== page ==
Troglitazone Increased the p27Kip1 Protein Level in PK-1 Cells.
Fig. 6 shows a representative Western blot analysis for p27Kip1 in PK-1 cells treated with troglitazone. The time course study (Fig. 6,A) clearly illustrates that troglitazone at a dose of 100 μm did not change the p27Kip1 protein level at 6 h (Lane 2) but increased the p27Kip1 protein level at 12, 24, and 36 h (Lanes 3–5) when compared with that at 0 h (Lane 1). Fig. 6,B illustrates the dose-response effect of 36 h of troglitazone treatment on p27Kip1 protein levels in PK-1 cells. As shown,troglitazone dose-dependently increased p27Kip1protein levels. In contrast, troglitazone at a dose of 100μ m failed to increase the protein level of p21Cip1/Waf1 and p18Ink4c(Fig. 6 C).
Lack of Growth Inhibition by Troglitazone in Cells Treated with Antisense Oligonucleotide to p27Kip1.
To determine whether an increase in p27Kip1 was responsible for the troglitazone-induced growth inhibition in pancreatic carcinoma cells, we used an antisense oligonucleotide to down-regulate p27Kip1. As shown in Fig. 7, the p27Kip1 protein level was increased 24 h after troglitazone treatment in mismatch oligonucleotide-treated PK-1 cells, in agreement with the data on nontransfected PK-1 cells as described above. The p27Kip1 protein level in antisense-treated PK-1 cells 24 h after troglitazone treatment was increased when compared with that before troglitazone treatment but was smaller than that in mismatch oligonucleotide-treated cells at the same time period. These findings indicate that the antisense oligonucleotide down-regulated p27Kip1 protein expression.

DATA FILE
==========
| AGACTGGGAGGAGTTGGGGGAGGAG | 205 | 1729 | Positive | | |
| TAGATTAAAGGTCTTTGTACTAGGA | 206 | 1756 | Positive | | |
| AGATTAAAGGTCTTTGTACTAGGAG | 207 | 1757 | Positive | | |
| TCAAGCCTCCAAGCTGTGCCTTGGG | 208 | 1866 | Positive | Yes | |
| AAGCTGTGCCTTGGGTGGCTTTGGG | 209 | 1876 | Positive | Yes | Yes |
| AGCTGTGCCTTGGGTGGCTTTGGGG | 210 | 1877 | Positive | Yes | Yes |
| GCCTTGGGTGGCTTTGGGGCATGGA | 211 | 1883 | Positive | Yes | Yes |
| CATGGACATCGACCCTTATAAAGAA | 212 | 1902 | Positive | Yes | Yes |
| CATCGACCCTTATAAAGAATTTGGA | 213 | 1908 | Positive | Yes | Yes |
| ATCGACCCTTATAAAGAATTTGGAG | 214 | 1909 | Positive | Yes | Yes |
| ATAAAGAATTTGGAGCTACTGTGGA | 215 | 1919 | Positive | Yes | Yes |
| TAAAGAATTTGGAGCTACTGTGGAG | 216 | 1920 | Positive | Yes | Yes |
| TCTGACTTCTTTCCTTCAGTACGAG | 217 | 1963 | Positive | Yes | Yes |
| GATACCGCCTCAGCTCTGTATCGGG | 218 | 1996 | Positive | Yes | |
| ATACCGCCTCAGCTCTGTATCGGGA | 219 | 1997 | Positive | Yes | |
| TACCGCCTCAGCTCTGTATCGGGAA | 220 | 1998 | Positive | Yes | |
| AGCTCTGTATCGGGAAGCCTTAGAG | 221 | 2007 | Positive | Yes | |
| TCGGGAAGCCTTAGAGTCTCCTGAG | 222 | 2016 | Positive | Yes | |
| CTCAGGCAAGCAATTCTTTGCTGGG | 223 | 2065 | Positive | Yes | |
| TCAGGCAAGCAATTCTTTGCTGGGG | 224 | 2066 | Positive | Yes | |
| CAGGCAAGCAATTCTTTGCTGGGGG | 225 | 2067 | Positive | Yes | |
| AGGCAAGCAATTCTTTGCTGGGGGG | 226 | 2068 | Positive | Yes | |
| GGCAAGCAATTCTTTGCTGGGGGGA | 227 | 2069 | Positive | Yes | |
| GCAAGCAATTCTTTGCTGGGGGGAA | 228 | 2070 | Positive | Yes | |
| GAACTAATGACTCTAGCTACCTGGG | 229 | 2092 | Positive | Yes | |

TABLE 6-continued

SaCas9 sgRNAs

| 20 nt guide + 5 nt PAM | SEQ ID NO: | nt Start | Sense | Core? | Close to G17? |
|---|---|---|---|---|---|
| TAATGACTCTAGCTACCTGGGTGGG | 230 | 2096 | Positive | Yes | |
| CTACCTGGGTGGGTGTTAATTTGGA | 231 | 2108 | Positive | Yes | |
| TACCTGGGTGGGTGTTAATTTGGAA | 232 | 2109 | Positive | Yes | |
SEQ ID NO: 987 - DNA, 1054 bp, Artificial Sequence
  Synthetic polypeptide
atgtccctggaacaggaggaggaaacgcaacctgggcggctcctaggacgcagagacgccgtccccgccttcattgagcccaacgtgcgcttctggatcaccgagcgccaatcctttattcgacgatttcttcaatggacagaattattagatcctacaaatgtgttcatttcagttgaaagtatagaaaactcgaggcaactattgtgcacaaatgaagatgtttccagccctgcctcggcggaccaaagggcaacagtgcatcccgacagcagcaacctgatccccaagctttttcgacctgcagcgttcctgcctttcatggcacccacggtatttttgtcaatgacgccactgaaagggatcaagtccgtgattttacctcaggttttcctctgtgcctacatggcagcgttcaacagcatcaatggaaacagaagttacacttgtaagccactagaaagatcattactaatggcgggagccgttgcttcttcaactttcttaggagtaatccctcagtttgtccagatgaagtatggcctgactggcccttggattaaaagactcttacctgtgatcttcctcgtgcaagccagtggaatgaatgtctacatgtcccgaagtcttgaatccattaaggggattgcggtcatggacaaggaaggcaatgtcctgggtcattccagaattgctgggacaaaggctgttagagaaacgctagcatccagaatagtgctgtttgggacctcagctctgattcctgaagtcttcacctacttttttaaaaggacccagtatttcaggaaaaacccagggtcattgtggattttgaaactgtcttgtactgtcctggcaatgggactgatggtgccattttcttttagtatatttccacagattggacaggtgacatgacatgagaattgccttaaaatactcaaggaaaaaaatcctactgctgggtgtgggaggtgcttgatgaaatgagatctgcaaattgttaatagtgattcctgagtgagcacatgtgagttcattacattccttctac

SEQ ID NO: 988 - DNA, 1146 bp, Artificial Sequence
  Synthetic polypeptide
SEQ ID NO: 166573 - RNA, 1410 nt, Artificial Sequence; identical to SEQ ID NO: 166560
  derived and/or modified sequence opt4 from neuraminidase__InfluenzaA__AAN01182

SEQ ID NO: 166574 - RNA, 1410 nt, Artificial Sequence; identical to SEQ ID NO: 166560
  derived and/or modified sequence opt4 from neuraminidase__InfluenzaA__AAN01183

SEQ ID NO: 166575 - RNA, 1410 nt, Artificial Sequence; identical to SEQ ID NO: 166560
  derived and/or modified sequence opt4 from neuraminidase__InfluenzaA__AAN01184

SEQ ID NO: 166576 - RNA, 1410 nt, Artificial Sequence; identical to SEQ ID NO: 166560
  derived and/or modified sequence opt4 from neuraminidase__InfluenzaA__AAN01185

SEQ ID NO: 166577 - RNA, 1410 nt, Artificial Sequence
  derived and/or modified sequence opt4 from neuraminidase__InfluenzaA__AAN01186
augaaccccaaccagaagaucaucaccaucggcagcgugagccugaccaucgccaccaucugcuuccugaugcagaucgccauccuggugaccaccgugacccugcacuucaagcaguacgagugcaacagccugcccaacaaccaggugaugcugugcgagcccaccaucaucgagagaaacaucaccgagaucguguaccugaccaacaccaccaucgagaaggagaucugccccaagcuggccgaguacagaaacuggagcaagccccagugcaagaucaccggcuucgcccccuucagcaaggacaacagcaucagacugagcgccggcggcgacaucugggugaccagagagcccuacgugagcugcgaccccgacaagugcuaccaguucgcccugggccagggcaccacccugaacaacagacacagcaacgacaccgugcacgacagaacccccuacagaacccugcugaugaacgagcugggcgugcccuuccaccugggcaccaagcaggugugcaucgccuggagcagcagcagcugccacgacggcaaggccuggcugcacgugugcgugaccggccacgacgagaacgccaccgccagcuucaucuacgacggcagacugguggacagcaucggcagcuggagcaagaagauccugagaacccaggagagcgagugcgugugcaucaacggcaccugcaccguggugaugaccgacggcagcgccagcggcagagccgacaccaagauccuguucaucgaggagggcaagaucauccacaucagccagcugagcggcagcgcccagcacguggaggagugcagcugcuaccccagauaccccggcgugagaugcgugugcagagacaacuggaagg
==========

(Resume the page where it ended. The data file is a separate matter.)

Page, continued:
We next examined the effect of troglitazone on cell proliferation in the antisense-treated cells. Troglitazone at a dose of 100μ m inhibited cell proliferation in the mismatch oligonucleotide-treated cells (Fig. 8,A). In contrast, the same dose of troglitazone failed to induce growth inhibition in the antisense-treated cells (Fig. 8 B).
Increasing evidence suggests that PPARγ may be implicated in cell differentiation (3, 4). It has been reported thus far that PPARγ expression and the effects of PPARγ ligands are involved in cell proliferation in colon carcinoma, breast carcinoma, prostate carcinoma, gastric carcinoma, and liposarcoma (6, 7, 8, 9, 10, 11, 12, 13, 14, 15). However, little is known regarding whether human pancreatic carcinoma expresses PPARγ. In addition, there is no evidence of the effects of PPARγ activation on cell behavior in pancreatic carcinoma cells. In the present study, we examined the above-mentioned questions using surgically resected human pancreatic adenocarcinomas and human pancreatic carcinoma cell lines.